Martin Dudley has been running Cate Carter’s lighting designs for James Morrison on his ChamSys console since 2012. In the ensuing decade, he’s not only grown ever-more appreciative of Morrison’s silky smooth voice, but also of his colleague’s singular ability to refresh and expand the evocative looks that support the legendary singer’s shows in light.
“Working with Cate is a lesson in the creative power of design,” said Dudley. “Her approach is never formularised; instead she’s always finding different ways to add new elegant dimensions to James’ shows. It’s a genuine pleasure to take her vision off the computer screen and into reality.”
For the recent tour, which saw James Morrison play a number of venues around the UK, Carter’s originality took the form of eschewing big lighting effects in favour of a timelessly classic visual concept. Helping Dudley translate this design into reality was a lighting rig supplied by Martin’s Lights and Colour Sound Experiment that featured 24 CHAUVET Professional Rogue R2 Wash fixtures.
“As James’ songs are rooted in soul, blues and even gospel music, we wanted the lighting to take on this intimate look that set an appropriately engaging mood,” commented Dudley. “A James Morrison show is about James and his songs. As a result, the intent of the lighting was to create an inviting environment on stage.”
Dudley and his team, light technicians, Chris Davey and Amy Barnett, positioned eight Rogue fixtures on front row truss to light Morrison and the band, eight on the back truss to light a supple velvet backdrop, and four on the floor at either side of the stage. Many of the RGBW moving washes were also used to light one of the show’s most distinctive set pieces: wicker lamp shades that were flown in an irregular pattern over the stage.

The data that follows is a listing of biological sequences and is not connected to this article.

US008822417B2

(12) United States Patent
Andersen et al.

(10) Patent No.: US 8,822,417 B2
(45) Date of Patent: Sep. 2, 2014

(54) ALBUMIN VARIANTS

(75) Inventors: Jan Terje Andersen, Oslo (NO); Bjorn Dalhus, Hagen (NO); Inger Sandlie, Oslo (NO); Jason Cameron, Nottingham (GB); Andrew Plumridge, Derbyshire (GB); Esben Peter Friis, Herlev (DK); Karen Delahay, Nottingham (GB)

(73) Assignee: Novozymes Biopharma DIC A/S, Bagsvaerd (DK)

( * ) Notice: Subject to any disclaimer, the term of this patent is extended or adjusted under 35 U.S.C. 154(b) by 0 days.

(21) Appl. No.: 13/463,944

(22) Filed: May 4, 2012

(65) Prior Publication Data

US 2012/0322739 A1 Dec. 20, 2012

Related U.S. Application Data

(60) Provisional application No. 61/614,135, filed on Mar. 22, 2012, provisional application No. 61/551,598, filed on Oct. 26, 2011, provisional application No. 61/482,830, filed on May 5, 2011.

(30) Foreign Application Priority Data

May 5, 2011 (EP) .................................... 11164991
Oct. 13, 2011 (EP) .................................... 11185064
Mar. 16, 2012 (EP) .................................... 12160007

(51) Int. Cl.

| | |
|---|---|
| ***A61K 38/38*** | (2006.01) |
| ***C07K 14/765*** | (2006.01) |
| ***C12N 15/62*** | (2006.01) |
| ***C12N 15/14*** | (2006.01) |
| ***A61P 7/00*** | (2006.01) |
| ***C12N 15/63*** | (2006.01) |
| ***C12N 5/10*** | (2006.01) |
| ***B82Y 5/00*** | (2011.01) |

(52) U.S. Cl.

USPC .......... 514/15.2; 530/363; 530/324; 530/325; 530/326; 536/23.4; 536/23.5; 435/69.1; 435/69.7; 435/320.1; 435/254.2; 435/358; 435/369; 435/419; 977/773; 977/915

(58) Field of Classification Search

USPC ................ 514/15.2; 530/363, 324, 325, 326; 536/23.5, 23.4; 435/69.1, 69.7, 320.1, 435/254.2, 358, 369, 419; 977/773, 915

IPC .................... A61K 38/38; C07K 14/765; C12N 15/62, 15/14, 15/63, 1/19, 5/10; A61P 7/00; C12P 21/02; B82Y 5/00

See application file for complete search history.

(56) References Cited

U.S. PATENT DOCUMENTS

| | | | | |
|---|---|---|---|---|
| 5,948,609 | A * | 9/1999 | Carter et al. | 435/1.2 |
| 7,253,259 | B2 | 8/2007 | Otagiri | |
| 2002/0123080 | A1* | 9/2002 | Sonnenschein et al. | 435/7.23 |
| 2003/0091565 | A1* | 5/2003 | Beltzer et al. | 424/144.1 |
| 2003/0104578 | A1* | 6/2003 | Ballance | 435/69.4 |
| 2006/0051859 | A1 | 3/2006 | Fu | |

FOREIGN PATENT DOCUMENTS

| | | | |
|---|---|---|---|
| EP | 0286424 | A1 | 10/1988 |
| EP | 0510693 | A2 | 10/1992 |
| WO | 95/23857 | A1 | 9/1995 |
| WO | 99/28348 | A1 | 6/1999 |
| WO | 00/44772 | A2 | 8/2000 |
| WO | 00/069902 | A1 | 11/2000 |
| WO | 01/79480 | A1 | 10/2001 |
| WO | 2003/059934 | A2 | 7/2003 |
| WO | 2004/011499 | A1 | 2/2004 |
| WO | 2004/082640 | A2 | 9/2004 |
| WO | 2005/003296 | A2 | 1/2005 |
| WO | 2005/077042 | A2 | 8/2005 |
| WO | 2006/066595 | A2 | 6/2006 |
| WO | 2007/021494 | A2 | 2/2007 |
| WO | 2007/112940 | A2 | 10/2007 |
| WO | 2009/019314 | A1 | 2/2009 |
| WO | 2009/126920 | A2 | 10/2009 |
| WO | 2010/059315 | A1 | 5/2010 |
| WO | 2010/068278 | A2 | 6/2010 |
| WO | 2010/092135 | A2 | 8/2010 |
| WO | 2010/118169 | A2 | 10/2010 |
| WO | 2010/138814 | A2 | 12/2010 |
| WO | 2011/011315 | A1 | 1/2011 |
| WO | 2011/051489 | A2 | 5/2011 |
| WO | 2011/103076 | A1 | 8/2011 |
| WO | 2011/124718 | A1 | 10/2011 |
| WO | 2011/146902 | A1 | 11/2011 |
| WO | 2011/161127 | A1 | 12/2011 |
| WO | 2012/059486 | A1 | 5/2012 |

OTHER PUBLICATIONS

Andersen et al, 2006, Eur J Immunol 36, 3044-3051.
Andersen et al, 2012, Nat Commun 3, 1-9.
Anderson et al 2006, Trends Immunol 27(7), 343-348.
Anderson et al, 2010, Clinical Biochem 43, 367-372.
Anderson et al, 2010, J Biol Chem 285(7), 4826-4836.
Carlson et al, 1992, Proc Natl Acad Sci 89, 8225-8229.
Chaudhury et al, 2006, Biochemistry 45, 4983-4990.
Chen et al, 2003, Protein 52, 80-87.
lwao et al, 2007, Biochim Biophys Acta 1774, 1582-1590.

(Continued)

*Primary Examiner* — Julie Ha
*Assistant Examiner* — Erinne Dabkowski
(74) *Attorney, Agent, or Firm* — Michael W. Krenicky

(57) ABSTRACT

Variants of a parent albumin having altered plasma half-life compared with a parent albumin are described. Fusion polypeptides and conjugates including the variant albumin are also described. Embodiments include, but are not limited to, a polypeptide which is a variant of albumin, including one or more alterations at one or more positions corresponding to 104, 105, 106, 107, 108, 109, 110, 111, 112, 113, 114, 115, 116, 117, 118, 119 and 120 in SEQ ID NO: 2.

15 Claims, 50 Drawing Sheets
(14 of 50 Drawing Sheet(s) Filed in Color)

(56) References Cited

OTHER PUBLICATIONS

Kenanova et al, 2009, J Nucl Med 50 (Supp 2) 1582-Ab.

Lighting the baskets in a variety of warm colours, the Rogues contributed to creating a homey feel during the shows. In so doing they reflected the strong connection that has always existed between Morrison and his legion of fans.
“My team and I realised as we were setting up on the first day of the tour that there were enough wash lights on the back truss and the floor to point one at each lampshade,” continued Dudley. “That spontaneous addition turned out to be one of my favourite looks of the entire show, with the deep magenta and dark blue tones of the Rogues in particular providing a unique focal point for the stage.”
Speaking of the lamp shades, Dudley noted that they were rigged on the front and back cords of the upstage and mid stage truss at various heights. This arrangement gave the team a relatively simple way to endow the stage with depth and texture.
Asked where the shades came from, he said. “Cate came across them in Belgium where she lives.” In so doing, he provided yet more proof that creative lighting designers will find inspiration anywhere in their effort to keep shows glowing with the attractive aura of originality.